January 2007 Entries
The other day I finally decided to replace CommunityServer with Subtext. After upgrading to CommunityServer from .Text a while ago, I found the user experience less than friendly. Subtext also is offering more features right now than CommunityServer such as cocomment and akismet support out of the box. Scott mentioned recently that CommunityServer is looking to potentially add cocomment support with the next release, I'd rather not wait. Blog spam is increasingly an issue, while I was working on the import process, I deleted 9,410 spam comments. Most importantly I now have the source code for my Subtext installation, which allowed me to easily modify the skin I am using to support an extended view of the archives. I tried to sync up the RSS syndication, so hopefully there wasn't a massive blast of previous posts.
Tomorrow Windows Vista will launch, a long awaited day for many. If you happen to be in the Des Moines area, an event is being held at the Polk County Convention Complex, you can register here. Aside from discussing Windows Vista, other topics will include Office 2007 and .NET 3.0. A little birdie even told me Microsoft will be giving away free licensed products at the end of the day to registered attendees. In case the recent snow put a damper on your weekend plans(for those of us in Iowa), the week looks brighter.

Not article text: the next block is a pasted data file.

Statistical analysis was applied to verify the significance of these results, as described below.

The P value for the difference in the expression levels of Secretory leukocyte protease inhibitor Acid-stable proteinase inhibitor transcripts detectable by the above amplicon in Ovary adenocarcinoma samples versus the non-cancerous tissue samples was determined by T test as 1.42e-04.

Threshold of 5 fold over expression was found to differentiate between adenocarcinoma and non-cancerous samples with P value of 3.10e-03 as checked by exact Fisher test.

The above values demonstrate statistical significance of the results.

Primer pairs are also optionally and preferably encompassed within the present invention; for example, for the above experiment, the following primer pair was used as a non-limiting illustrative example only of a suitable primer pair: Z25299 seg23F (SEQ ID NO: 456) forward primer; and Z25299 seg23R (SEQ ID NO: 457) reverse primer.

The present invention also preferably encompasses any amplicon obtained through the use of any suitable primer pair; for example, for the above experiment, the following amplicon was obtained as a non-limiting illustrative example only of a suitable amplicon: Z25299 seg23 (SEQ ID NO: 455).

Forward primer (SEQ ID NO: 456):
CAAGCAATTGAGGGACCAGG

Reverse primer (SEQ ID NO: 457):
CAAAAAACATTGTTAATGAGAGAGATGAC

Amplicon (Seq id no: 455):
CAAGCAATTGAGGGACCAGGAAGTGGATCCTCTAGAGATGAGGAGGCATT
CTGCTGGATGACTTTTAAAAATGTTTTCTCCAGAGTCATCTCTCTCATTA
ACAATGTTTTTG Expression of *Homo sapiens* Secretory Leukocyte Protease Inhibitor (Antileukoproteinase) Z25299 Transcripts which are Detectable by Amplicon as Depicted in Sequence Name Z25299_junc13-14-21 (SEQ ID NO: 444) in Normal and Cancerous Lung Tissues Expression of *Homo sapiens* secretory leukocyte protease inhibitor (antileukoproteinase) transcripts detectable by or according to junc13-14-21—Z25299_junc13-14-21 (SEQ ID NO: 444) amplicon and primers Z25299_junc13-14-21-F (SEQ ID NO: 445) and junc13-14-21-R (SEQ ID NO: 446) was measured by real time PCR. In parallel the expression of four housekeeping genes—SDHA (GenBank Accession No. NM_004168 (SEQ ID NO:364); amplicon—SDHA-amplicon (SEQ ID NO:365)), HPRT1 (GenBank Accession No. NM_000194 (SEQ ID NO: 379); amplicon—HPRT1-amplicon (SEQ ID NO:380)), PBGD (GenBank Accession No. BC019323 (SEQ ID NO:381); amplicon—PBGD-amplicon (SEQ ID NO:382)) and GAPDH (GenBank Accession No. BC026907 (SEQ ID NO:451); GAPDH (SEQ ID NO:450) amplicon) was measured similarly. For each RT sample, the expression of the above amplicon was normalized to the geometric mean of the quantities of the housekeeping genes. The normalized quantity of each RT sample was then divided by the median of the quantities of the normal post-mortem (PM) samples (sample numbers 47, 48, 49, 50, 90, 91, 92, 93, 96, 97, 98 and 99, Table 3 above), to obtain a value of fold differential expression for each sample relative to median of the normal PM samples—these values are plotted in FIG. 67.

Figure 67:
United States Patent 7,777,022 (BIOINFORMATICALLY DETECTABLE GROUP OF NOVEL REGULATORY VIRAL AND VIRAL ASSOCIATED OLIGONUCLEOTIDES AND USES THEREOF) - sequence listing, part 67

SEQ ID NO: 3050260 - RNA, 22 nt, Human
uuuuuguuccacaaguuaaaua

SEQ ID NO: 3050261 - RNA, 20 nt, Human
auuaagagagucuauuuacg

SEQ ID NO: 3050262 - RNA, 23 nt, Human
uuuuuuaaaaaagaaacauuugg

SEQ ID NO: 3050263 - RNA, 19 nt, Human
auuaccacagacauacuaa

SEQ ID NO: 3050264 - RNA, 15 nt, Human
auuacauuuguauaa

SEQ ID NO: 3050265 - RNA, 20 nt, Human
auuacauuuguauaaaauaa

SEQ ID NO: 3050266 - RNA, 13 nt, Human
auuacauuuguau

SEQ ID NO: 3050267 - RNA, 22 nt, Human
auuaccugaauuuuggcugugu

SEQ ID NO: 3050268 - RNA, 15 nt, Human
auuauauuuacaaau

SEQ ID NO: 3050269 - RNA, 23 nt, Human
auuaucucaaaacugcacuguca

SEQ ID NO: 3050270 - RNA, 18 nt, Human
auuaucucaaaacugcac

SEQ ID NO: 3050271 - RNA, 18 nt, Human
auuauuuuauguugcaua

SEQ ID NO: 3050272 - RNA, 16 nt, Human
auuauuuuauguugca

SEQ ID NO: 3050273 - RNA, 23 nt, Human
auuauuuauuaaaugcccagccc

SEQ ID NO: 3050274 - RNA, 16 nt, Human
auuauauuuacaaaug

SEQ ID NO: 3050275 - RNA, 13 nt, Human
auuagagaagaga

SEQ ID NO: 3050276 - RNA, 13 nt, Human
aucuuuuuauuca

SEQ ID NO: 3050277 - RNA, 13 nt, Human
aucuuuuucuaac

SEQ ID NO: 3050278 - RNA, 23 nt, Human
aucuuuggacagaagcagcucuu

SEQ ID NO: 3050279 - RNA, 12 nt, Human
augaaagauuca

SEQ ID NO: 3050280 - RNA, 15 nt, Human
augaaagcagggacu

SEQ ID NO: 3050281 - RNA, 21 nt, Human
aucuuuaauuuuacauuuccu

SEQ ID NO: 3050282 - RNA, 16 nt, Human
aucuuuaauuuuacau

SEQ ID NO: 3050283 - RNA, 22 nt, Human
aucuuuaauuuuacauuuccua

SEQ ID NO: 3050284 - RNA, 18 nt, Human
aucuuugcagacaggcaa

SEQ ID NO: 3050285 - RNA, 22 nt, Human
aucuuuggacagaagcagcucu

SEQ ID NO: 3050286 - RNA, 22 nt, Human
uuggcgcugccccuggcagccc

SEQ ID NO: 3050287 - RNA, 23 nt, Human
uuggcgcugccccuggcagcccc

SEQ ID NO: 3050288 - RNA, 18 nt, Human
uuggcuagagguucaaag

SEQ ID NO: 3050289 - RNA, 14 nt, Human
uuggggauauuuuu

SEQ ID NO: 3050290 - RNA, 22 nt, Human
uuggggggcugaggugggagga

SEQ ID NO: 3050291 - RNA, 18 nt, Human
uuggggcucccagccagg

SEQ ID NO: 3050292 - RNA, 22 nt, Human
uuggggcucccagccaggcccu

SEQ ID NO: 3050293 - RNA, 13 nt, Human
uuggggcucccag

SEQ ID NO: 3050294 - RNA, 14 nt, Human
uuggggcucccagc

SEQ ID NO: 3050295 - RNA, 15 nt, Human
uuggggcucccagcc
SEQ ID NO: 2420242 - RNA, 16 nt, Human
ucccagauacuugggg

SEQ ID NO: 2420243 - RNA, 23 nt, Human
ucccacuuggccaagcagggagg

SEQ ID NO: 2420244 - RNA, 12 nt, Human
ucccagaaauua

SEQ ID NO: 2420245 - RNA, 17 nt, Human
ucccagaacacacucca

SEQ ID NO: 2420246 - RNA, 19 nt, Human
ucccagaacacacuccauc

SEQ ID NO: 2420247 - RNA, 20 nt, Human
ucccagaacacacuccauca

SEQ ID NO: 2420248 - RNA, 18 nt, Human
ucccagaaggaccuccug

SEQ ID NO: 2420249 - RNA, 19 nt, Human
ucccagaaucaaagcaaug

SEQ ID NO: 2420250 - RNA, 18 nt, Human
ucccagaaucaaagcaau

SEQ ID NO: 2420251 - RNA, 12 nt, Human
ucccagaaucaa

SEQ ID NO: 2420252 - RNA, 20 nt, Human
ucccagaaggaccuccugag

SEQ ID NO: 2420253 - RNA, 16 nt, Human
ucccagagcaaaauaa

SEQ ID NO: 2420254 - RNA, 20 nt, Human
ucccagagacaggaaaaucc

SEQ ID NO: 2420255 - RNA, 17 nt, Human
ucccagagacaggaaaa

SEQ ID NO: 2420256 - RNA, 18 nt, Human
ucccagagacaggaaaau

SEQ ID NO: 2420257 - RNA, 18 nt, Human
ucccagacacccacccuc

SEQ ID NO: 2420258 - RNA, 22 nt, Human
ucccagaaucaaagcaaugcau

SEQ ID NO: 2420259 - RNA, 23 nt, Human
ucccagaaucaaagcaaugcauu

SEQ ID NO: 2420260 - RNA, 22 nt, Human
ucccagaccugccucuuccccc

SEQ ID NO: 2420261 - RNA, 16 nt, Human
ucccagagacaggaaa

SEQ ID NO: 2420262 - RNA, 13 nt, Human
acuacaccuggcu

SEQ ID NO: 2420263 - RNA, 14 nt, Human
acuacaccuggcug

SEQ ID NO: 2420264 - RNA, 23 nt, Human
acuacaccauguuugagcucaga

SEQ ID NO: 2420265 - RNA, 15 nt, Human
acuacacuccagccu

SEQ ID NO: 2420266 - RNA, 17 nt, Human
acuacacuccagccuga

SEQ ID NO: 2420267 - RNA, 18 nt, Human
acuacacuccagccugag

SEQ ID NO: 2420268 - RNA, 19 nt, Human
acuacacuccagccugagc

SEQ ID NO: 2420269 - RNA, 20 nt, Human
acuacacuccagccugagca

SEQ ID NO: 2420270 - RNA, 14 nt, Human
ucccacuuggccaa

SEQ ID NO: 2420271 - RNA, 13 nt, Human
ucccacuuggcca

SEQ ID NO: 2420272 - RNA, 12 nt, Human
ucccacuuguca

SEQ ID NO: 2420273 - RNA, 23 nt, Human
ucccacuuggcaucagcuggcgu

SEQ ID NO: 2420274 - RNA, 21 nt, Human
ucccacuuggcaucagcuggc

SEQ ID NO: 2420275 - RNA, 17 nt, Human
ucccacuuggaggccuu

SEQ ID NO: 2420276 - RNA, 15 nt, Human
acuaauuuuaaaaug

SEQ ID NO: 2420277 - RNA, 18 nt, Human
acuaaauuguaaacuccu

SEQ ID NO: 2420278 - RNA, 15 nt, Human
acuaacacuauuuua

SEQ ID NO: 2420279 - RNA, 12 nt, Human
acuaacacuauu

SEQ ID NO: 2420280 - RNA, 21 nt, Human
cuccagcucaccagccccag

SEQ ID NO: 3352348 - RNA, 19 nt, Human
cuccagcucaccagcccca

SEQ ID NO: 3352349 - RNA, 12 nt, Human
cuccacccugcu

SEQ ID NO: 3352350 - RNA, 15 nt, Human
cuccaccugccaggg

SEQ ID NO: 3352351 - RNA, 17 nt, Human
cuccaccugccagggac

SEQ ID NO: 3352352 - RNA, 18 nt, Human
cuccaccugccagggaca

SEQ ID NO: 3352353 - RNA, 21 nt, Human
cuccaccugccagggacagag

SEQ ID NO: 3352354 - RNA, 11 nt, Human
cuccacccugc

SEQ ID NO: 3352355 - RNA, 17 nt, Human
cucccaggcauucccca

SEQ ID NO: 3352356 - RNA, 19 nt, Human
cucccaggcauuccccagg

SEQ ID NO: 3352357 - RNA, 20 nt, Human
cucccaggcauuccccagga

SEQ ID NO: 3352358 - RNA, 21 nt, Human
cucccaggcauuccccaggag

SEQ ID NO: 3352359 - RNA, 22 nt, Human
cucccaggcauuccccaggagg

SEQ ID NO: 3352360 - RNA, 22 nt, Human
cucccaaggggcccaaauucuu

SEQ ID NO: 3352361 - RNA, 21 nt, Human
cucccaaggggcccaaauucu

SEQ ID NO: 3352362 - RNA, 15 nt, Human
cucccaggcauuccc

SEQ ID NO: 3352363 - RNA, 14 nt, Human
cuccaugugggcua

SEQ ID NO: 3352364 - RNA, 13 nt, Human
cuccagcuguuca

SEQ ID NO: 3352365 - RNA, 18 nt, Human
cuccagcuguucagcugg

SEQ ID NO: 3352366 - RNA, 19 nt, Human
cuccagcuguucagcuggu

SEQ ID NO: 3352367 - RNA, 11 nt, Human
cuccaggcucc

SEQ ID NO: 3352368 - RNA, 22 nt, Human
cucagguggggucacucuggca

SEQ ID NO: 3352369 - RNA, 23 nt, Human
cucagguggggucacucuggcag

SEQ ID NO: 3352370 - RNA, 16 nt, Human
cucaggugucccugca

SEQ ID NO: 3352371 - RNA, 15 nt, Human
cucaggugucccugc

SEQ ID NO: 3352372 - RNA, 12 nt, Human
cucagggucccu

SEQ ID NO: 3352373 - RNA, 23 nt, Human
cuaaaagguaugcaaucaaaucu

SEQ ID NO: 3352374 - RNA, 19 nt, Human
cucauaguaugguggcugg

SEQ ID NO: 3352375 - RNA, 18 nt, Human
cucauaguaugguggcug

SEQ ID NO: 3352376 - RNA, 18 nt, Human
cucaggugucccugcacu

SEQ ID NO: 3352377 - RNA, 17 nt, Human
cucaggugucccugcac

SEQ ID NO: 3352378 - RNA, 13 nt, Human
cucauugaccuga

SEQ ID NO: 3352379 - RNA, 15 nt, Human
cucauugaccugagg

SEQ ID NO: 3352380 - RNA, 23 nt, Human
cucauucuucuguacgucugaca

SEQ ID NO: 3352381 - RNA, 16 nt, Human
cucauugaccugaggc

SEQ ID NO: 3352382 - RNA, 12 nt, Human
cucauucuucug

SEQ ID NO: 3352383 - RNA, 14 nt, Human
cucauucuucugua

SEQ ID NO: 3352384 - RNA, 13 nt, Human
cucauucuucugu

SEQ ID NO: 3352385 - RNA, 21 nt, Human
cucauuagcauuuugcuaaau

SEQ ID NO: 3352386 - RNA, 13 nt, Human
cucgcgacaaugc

Jeremy Miller has an excellent read on writing orthogonal code. Do not pass go, do not collect $200 until you have read this post. If you have even more time (read: an hour at a minimum) I highly recommend reading Big Ball of Mud which dissolves the forces behind what cause software architectures to fail and discusses solutions to address them. Finally, Jason Yip hit the nail on the head when discusses what it takes for last minute changes to be safe. Several years ago I worked on a team that produced a calculation engine for life insurance policies. Our team had a process defined for implementing last minute change requests that required the approval of our IT director, and several times I saw those requests denied. While we did have support for many of the points Jason identifies, quality should not be sacrificed over a delivery schedule. DHH covers this in Chapter 5 of Getting Real - Build half a product, not a half-ass product. Thoughts?
I am once again a Microsoft MVP for Visual C# in 2007; what a great way to start the new year!